couch and armchair

The living room just needed a cosy couch and easy chair. But I hesitated; would I make these pieces of furniture myself or would I just buy them....

I had made some furniture in the past using a helpful Dutch doll's house guide, named;
"Interieurs voor poppenkamers" (written by H. van Eck  and published by Cantecleer)

Unexpecxtedly,  I happened to find two lovely pieces of furniture in the shop of "Karweipost".
I very much liked the shape of it.  But colour and pattern of the fabric didn't match with the wallpaper of my miniature- livingroom.
I decided to buy them anyway and change their uphostery to my own taste, bearing in mind the handy tricks I had learned  from the small guide mentioned above.


 I started off with the yellow armchair and  then went on with the couch.  

First of all I carefully stripped the couch of all it's upholstery, making sure no to damage the pieces of foam, which later would be still useful beneath the new wrapping.

As you can see in the picture; I made paper templates of several wooden parts of the couch. I also added foam to the armpieces, to give the couch a real soft and cosy appearence.

 I wrapped the wooden parts, one after the other, with the cloth of my choise. I used Tacky Glue and a few nails to make sure the couch would not fall apart again.

I removed the original legs of the furniture. Instead I painted 4 pieces of nicely shaped wooden parts and split all 4 of them in half. In this way I ended up with 8 nice parts to use as legs. Doing so I could also adjust the height of the furniture to my liking. Using glue and nails I attached the small legs to the armchair and couch.

The finishing touch consisted of hiding small gaps by adding ribbon and piping, using Tacky Glue.

And how nicely they fit into the room!


From kit to house

In 2007 I bought a doll's house kit called "Cameleon" at a Dutch store "Karweipost". The house was named "Cameleon" because it came in 4 different versions. I needed to buy a  kit because I did not have a real sawing machine at my disposal and therefore couldn't easily construct a wooden doll's house from scratch myself.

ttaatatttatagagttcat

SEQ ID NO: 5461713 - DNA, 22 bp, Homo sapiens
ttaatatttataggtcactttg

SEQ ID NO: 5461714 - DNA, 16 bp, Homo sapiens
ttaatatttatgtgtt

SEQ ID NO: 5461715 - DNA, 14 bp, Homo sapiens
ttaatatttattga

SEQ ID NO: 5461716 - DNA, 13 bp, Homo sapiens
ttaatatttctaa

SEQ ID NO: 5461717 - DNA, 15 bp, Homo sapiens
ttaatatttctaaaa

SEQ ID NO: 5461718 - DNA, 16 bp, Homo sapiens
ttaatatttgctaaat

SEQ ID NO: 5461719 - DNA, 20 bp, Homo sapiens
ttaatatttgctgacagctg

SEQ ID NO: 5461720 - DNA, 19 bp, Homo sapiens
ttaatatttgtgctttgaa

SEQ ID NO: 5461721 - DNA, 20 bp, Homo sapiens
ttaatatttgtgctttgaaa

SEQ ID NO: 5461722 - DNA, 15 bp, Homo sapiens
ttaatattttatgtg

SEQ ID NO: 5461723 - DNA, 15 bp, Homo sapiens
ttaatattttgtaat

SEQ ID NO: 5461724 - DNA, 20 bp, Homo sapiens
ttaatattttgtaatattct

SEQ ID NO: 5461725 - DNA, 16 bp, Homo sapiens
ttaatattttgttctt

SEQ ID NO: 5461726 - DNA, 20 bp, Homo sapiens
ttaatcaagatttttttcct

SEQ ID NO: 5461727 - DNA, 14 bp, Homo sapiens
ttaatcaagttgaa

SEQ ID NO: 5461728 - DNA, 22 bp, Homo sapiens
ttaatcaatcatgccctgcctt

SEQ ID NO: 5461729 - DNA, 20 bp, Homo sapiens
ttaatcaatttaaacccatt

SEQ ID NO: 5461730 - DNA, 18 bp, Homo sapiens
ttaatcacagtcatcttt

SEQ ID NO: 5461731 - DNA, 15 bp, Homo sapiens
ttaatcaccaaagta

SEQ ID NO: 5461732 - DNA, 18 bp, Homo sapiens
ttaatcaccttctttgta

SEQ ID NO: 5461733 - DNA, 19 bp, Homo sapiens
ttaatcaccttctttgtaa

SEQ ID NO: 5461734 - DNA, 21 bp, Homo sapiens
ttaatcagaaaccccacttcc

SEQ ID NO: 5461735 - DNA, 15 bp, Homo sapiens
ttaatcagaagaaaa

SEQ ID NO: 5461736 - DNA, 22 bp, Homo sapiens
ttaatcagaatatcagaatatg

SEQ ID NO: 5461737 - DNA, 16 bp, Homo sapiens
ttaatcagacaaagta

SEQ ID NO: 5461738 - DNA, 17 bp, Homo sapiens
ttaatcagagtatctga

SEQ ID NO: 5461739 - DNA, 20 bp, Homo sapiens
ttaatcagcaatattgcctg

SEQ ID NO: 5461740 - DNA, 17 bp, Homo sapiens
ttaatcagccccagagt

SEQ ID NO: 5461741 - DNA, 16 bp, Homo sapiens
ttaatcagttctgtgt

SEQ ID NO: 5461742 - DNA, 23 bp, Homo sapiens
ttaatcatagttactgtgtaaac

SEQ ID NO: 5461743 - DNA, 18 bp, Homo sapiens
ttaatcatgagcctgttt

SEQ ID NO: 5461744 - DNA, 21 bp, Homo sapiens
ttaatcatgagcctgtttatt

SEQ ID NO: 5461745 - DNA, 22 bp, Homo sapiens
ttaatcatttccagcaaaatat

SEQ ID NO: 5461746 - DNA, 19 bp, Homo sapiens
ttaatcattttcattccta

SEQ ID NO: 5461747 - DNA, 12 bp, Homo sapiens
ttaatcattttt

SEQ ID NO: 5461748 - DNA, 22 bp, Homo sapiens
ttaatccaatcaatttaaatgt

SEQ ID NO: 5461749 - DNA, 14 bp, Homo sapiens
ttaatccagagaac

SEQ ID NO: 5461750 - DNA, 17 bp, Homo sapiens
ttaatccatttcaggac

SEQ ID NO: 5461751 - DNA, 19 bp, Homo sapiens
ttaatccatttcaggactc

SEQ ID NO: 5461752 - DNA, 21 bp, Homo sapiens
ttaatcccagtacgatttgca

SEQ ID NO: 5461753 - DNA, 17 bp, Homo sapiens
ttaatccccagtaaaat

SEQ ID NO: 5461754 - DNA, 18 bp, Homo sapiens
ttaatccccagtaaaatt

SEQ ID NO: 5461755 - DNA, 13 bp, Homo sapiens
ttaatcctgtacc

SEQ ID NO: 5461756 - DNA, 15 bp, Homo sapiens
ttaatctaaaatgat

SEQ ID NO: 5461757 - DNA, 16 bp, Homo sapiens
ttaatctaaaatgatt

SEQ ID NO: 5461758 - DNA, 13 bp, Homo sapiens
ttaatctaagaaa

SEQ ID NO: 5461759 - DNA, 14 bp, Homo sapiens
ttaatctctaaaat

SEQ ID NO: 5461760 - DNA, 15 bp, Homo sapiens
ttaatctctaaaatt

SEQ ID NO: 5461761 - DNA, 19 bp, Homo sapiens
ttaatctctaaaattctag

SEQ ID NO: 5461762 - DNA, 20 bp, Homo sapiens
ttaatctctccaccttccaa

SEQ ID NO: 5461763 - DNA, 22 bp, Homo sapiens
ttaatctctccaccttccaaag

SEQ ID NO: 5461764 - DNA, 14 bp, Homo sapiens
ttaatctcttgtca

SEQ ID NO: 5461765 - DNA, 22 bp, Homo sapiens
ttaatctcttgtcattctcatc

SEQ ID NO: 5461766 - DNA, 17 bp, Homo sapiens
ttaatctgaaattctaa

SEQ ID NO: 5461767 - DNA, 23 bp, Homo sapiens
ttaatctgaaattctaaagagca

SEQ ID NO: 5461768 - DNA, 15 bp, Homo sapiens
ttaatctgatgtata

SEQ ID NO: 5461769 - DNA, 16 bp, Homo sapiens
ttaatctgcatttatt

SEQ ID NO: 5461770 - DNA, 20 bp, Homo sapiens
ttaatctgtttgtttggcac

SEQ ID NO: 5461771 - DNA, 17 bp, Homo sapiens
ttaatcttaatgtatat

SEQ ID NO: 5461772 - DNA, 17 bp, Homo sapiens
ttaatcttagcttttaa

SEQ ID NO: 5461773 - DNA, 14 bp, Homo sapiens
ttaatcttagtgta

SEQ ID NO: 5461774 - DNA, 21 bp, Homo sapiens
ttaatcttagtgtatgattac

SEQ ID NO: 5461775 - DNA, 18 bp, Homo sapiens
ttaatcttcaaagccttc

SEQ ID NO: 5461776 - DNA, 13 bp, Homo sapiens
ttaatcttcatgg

With the "Cameleon" I saw enough opportunities to change aspects of the kit to make it better suit my ideas. My plan was to use the kit as the basis for a Dutch house of  the beginning of the twentieth century.

So I chose the "Victorian"-version of the kit and added typical Dutch features. I shifted the position of a few inner doors and the shape of some window spaces. I constructed all windows, outer doors, brickwork, rooftiles, a second chinmey, the fence of the balcony and porches by myself to be able to apply my own ideas to the kit.

That's me trying to recognize all the wooden pieces on the drawing


And this is the house after I put the kit together....
....and after I decorated the roof and outside walls


Roof of the house; making miniature roofslates

 The roof of the house is covered with pieces of cardboard and  painted  afterwards
 to make it resemble a grey slated one.

First of all, I made use of a book written by Jean Nisbett and called :  "A beginners Guide tot the Doll's House Hobby".  In this book the writer sets out several options of house exteriors. One of them is the "economy option" for supplying your house with  a slated roof using cardboard. I did some experiments with it to make it look as realistic as possible.  In this post I'll show you how I made the roof of my house.